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Ethiopia firm recycling tires into shoes

Ethiopia firm recycling tyres into shoes does big business via internet

SoleRebels offers inspiration

Old truck tyres never die, they just turn into sandals. For decades that has been the tradition in Ethiopia, where everyone from farmers to guerrilla fighters has fashioned worn-out road rubber into cheap, long-lasting footwear.

But now, thanks to a young woman entrepreneur who has combined the internet’s selling power with nimble business practices more often associated with Asian countries, the idea has been turned into an unlikely international hit. By adding funky cotton and leather uppers to recycled tyre soles, Bethlehem Tilahun Alemu has sold many thousands of pairs of handmade flip-flops, boat shoes, loafers and Converse-style trainers to foreign customers.

In the run-up to Christmas, workers at the soleRebels “factory” – a small house on the outskirts of the Ethiopian capital – were frantically cutting, sewing and gluing to fulfil internet purchases from customers as far away as Canada and Australia. Alemu’s brother packed pairs of cotton and suede trainers into a box about to be couriered to Amazon.com, the company’s main customer, which receives the shoes in the US three to five days after placing its bulk order. “We are sitting in Addis Ababa but acting like an American company,” said Alemu, an excitable 30-year-old former accountant who is fond of reeling off the numbers that illustrate her firm’s rapid growth.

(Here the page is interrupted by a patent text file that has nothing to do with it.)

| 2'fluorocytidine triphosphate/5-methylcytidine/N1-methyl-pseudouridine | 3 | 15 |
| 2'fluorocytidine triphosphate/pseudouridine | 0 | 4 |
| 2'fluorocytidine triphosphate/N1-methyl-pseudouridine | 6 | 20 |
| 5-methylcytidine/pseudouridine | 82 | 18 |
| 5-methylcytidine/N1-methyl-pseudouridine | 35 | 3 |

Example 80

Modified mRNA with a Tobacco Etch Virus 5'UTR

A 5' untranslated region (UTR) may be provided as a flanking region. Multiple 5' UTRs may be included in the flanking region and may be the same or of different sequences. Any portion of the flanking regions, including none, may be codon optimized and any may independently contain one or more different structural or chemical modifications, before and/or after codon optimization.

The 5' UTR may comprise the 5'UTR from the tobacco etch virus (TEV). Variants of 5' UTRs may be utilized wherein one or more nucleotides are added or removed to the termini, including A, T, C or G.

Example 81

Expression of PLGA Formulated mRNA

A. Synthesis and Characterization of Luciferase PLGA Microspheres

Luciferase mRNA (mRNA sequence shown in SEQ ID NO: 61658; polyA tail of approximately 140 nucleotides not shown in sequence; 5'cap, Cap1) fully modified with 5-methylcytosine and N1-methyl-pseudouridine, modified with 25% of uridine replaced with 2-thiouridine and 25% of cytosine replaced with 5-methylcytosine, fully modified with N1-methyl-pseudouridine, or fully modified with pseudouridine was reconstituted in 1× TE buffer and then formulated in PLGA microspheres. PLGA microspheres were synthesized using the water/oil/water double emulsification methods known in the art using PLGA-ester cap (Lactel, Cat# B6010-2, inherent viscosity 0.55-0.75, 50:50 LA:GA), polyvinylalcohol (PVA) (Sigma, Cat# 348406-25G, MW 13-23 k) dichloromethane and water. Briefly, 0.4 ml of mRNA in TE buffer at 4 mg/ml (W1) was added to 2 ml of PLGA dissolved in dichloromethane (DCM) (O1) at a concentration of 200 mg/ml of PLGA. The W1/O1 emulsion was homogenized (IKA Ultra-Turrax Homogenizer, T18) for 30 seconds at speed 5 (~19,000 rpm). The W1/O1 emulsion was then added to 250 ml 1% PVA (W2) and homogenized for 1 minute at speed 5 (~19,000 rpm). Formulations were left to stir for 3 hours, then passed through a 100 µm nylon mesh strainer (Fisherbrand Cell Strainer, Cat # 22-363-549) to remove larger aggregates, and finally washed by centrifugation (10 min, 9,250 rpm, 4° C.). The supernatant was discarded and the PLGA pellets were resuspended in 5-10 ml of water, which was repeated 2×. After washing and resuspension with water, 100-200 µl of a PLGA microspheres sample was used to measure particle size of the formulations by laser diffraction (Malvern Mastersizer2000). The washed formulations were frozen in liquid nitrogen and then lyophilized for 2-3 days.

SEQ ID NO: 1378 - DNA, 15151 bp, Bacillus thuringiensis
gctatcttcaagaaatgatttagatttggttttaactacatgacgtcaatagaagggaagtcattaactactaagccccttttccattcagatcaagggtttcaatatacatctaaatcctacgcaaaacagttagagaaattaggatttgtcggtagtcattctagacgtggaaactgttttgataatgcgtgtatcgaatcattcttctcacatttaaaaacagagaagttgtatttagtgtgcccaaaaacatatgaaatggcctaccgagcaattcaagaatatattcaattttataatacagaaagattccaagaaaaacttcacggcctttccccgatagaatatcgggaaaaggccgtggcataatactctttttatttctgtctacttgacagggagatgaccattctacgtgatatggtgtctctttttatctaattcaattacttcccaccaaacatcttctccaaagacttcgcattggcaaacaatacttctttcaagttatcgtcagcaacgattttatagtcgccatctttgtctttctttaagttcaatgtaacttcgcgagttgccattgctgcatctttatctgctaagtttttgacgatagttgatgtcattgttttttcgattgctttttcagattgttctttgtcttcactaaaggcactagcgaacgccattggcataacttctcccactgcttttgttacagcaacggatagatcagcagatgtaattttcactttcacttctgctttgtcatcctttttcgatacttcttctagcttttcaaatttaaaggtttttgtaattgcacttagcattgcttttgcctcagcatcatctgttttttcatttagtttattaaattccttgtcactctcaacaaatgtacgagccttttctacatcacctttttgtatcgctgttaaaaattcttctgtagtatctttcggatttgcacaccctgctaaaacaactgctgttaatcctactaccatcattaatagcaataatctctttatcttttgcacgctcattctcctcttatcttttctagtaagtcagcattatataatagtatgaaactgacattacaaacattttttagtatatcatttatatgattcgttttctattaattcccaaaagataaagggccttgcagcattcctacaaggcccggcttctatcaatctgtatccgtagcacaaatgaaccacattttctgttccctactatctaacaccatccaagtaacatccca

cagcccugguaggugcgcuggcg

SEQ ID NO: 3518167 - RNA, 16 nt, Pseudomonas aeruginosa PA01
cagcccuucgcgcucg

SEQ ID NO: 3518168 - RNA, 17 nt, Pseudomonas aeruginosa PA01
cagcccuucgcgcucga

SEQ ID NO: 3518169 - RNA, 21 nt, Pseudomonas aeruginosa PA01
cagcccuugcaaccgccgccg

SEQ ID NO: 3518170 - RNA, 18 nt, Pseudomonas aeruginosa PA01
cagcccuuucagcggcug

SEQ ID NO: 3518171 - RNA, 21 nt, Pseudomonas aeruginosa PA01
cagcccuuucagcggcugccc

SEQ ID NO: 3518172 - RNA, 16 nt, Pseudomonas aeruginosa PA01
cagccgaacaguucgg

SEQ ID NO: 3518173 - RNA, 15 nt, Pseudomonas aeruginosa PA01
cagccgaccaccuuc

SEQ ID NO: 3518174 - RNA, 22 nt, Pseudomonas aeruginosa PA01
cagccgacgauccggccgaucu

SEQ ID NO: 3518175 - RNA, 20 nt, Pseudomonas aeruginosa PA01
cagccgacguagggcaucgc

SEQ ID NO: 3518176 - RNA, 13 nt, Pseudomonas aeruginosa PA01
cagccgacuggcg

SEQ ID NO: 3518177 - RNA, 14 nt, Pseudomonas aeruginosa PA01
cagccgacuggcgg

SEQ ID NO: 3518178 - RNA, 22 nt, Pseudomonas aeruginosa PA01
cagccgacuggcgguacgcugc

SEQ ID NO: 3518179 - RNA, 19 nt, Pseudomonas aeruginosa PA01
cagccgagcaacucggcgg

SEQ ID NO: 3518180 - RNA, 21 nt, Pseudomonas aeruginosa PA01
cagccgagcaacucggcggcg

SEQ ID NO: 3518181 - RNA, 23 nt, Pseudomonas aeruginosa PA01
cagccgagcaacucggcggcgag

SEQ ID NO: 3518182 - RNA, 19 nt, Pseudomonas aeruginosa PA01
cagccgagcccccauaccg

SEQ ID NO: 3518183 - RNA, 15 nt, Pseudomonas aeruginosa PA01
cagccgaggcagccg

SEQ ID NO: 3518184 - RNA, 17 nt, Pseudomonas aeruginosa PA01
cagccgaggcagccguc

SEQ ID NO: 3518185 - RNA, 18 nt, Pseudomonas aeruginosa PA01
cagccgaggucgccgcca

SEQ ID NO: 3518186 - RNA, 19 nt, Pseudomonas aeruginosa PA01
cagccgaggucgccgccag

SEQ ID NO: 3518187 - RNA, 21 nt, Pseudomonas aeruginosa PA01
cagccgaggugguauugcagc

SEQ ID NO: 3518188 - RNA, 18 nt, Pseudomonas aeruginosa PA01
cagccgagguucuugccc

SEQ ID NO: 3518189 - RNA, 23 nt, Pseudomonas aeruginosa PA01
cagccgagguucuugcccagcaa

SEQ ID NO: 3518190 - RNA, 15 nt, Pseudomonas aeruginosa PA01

Just five years after start-up, soleRebels employs 45 full-time staff who can produce up to 500 pairs of shoes a day. More will be hired after next month once the footwear range, priced between £21 and £40, goes on sale online in the UK and Japan on Amazon’s new footwear website javari.co.uk. The company’s sales target for 2010 is an impressive £300,000, but Alemu’s ultimate goal – one she seems deadly serious about – is far loftier: to become “the Timberland or Skechers of Africa”.

The success of soleRebels, which has thrived in the global market with no outside support other than a government line of credit to help meet large orders, is challenging preconceptions both about Ethiopia and the best way to lift its people out of poverty.

Read more – The Guardian

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